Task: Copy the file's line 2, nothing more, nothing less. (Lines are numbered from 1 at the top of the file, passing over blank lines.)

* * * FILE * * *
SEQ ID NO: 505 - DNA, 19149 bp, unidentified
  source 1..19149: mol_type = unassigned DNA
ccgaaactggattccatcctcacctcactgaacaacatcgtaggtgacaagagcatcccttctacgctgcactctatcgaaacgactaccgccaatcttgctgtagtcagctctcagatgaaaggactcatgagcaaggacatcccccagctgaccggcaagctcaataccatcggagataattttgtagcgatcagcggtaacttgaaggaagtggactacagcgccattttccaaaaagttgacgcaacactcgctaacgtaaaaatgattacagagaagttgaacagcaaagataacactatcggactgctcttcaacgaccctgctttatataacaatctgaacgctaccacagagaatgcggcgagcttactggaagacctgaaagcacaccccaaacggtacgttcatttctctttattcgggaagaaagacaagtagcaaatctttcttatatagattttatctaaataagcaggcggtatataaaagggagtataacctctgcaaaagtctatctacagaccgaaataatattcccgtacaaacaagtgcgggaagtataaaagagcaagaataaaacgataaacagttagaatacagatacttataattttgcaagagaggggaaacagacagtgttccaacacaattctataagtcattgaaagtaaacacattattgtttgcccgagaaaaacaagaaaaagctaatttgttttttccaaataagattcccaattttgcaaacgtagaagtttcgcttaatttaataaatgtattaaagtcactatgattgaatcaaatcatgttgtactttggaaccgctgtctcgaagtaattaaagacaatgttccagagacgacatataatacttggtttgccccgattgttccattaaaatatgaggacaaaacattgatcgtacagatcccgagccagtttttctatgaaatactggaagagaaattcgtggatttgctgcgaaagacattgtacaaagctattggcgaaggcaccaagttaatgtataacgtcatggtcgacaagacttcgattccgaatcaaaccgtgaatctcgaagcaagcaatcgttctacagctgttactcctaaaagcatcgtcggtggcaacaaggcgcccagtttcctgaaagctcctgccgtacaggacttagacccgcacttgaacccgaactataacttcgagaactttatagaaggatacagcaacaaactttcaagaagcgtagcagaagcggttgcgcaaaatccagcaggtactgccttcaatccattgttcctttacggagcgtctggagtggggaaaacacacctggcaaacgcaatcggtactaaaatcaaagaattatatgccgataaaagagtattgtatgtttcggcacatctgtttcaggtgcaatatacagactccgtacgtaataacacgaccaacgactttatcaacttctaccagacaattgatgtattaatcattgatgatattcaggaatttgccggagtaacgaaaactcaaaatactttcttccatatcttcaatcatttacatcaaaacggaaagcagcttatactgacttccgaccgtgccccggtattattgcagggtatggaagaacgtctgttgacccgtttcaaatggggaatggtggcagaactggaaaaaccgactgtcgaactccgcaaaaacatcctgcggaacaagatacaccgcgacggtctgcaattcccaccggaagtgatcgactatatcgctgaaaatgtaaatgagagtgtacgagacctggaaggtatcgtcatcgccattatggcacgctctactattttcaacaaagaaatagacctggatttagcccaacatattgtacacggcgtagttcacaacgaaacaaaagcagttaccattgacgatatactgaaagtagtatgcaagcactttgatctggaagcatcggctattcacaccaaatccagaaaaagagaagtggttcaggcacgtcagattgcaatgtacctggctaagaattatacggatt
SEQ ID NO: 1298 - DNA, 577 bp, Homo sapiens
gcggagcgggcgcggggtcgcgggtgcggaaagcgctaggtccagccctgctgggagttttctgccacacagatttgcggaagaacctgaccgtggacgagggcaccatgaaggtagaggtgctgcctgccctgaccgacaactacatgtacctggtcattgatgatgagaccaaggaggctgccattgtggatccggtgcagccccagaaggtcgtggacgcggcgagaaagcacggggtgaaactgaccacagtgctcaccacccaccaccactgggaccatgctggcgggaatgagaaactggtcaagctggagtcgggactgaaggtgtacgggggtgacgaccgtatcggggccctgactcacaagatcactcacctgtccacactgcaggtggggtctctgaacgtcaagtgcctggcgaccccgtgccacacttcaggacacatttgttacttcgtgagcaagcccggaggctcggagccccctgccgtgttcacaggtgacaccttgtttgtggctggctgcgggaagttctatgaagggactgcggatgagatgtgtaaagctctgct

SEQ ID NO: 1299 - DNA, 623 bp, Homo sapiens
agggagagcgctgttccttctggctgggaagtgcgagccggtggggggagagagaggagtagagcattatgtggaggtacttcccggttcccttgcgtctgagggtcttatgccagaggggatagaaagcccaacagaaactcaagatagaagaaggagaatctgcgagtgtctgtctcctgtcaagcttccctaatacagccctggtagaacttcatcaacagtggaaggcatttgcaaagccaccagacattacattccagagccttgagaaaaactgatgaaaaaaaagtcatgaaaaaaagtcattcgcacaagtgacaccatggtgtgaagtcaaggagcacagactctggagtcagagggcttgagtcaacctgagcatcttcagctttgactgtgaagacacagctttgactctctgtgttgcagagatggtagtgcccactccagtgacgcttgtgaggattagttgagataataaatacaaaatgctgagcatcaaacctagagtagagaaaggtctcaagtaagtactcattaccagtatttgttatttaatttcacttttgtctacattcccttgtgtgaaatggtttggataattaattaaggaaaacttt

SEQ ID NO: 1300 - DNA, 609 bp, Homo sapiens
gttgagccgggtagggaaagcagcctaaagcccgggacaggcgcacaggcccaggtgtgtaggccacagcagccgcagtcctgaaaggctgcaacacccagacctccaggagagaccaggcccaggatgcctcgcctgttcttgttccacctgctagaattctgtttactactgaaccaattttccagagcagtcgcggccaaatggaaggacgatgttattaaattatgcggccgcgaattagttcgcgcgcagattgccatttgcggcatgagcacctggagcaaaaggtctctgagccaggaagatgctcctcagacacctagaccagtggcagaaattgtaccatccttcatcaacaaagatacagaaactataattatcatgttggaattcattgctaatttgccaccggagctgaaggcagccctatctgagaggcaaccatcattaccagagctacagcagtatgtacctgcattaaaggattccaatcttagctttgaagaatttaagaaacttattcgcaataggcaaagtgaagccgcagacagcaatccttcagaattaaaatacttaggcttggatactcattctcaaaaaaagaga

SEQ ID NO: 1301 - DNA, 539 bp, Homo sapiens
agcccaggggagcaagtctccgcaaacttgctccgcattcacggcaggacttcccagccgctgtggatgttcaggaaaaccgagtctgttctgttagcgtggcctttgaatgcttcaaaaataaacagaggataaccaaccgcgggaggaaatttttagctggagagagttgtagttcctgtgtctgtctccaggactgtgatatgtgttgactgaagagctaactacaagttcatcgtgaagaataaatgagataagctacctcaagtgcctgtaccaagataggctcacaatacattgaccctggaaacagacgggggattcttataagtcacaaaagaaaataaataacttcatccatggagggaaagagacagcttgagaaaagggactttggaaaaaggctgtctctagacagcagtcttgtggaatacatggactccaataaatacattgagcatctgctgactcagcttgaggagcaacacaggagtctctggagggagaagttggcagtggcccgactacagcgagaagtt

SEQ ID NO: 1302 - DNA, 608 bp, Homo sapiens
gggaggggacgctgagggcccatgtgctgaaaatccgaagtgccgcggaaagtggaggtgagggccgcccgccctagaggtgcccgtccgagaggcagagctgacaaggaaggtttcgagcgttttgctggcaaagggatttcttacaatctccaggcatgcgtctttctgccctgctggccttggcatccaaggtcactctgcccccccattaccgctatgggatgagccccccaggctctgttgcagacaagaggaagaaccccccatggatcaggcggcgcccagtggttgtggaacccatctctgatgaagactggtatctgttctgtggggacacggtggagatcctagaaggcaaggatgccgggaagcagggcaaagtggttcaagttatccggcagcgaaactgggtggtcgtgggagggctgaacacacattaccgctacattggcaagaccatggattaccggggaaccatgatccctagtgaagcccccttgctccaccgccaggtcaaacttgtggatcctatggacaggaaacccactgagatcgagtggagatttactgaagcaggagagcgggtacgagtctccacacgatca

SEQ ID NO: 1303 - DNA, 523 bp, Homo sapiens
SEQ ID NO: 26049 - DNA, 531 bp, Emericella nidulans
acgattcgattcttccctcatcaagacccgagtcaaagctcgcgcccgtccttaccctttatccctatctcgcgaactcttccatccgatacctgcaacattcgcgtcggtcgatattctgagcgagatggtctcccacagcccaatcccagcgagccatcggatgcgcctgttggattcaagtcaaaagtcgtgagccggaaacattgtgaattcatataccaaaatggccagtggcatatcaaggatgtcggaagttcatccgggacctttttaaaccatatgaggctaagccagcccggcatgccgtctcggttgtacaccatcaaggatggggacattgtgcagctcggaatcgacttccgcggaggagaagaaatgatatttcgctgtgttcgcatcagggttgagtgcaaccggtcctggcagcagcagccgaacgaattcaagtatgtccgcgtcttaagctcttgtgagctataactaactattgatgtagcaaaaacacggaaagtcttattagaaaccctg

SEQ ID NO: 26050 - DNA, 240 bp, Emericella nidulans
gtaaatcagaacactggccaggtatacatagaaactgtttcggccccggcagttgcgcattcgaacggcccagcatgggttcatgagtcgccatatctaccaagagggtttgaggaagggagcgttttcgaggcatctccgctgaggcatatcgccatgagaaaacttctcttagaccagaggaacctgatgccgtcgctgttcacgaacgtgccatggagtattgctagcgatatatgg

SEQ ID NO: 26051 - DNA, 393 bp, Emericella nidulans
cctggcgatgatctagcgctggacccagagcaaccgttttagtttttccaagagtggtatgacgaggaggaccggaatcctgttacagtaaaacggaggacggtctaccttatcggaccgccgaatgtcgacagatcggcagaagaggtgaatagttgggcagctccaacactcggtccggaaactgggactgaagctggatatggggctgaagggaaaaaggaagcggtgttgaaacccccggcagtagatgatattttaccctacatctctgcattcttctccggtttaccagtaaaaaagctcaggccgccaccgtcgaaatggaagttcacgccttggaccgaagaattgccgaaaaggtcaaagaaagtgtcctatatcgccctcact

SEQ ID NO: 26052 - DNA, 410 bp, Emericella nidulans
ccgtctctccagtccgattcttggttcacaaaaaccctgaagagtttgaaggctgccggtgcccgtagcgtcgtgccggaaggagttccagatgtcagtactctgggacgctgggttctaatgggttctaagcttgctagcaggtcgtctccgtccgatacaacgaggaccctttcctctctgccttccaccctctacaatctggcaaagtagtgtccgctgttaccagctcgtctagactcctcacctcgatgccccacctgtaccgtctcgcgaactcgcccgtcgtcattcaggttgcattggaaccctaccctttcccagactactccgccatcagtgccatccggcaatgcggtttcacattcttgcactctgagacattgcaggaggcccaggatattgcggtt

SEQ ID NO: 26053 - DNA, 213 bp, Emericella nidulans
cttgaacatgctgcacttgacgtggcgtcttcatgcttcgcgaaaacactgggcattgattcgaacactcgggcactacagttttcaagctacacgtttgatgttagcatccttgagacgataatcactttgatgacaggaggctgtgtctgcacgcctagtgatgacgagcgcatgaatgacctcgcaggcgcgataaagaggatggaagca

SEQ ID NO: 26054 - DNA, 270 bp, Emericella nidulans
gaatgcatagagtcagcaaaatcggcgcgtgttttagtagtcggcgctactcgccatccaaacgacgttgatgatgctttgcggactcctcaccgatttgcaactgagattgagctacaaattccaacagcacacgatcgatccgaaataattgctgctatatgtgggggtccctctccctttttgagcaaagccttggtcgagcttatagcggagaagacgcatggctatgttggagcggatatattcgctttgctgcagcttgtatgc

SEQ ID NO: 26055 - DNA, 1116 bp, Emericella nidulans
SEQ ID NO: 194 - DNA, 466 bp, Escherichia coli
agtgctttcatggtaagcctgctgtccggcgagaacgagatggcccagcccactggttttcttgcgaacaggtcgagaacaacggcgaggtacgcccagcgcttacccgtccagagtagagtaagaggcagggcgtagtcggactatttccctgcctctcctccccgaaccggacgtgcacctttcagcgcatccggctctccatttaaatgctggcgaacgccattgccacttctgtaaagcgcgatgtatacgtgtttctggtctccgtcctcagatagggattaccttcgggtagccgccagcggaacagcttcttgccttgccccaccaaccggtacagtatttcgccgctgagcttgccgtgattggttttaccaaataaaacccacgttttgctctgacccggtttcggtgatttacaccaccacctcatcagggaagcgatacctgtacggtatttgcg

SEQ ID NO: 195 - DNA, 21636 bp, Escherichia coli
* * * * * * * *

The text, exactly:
  source 1..19149: mol_type = unassigned DNA